Efficient Deterministic Approximate Counting for Low-Degree Polynomial Threshold Functions.
A. De and R. Servedio.
46th Annual Symposium on Theory of Computing (STOC), 2014, pp. 832--841.


We give a deterministic algorithm for approximately counting satisfying assignments of a degree-$d$ polynomial threshold function (PTF). Given a degree-$d$ input polynomial $p(x_1,\dots,x_n)$ over $\R^n$ and a parameter $\eps > 0$, our algorithm approximates $ \Pr_{x \sim \{-1,1\}^n}[p(x) \geq 0] $ to within an additive $\pm \eps$ in time $O_{d,\eps}(1)\cdot \poly(n^d)$. (Since it is NP-hard to determine whether the above probability is nonzero, any sort of efficient multiplicative approximation is almost certainly impossible even for randomized algorithms.) Note that the running time of our algorithm (as a function of $n^d$, the number of coefficients of a degree-$d$ PTF) is a \emph{fixed} polynomial. The fastest previous algorithm for this problem \cite{Kane12subpoly}, based on constructions of unconditional pseudorandom generators for degree-$d$ PTFs, runs in time $n^{O_{d,c}(1) \cdot \eps^{-c}}$ for all $c > 0$.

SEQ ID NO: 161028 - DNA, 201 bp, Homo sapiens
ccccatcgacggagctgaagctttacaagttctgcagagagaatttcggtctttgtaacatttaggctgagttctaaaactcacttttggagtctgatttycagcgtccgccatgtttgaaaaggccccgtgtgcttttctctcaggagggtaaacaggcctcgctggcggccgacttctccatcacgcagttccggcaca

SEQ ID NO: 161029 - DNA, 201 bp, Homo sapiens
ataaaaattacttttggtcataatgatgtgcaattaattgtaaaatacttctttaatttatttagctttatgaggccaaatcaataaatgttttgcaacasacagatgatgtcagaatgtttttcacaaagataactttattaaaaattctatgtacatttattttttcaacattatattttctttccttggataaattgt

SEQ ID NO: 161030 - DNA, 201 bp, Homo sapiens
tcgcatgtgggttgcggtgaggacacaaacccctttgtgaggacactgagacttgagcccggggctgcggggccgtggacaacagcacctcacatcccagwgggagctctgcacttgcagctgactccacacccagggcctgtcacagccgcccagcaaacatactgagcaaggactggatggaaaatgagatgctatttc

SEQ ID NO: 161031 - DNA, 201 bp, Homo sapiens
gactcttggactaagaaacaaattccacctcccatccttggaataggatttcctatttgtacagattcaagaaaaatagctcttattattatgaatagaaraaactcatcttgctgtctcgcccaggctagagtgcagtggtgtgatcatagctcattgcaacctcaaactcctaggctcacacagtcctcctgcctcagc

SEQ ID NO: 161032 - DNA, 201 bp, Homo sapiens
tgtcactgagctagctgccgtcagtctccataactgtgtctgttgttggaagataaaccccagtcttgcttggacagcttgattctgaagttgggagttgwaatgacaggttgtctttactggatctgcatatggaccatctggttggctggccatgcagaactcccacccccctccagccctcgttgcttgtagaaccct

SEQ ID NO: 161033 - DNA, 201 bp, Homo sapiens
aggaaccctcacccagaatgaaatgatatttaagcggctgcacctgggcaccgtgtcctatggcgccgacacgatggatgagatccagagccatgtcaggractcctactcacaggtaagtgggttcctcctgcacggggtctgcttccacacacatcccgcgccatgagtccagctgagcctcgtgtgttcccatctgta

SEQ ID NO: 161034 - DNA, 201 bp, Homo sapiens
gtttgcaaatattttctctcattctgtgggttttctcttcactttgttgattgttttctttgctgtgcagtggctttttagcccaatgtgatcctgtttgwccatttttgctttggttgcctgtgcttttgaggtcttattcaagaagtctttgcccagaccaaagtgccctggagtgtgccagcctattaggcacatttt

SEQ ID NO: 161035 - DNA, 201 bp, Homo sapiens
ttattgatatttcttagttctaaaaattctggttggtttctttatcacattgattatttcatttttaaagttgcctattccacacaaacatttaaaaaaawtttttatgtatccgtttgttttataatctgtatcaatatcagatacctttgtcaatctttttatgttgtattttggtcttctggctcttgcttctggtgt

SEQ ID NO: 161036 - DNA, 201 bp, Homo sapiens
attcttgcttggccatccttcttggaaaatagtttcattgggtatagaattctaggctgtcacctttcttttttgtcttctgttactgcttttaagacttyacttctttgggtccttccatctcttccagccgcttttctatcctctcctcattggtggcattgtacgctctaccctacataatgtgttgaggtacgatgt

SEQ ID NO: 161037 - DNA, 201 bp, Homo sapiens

The key novel contributions of this work are

  • A new multivariate central limit theorem, proved using tools from Malliavin calculus and Stein's Method. This new CLT shows that any collection of Gaussian polynomials with small eigenvalues must have a joint distribution which is very close to a multidimensional Gaussian distribution.
  • A new decomposition of low-degree multilinear polynomials over Gaussian inputs. Roughly speaking we show that (up to some small error) any such polynomial can be decomposed into a bounded number of multilinear polynomials all of which have extremely small eigenvalues.
  • We use these new ingredients to give a deterministic algorithm for a Gaussian-space version of the approximate counting problem, and then employ standard techniques for working with low-degree PTFs (invariance principles and regularity lemmas) to reduce the original approximate counting problem over the Boolean hypercube to the Gaussian version.

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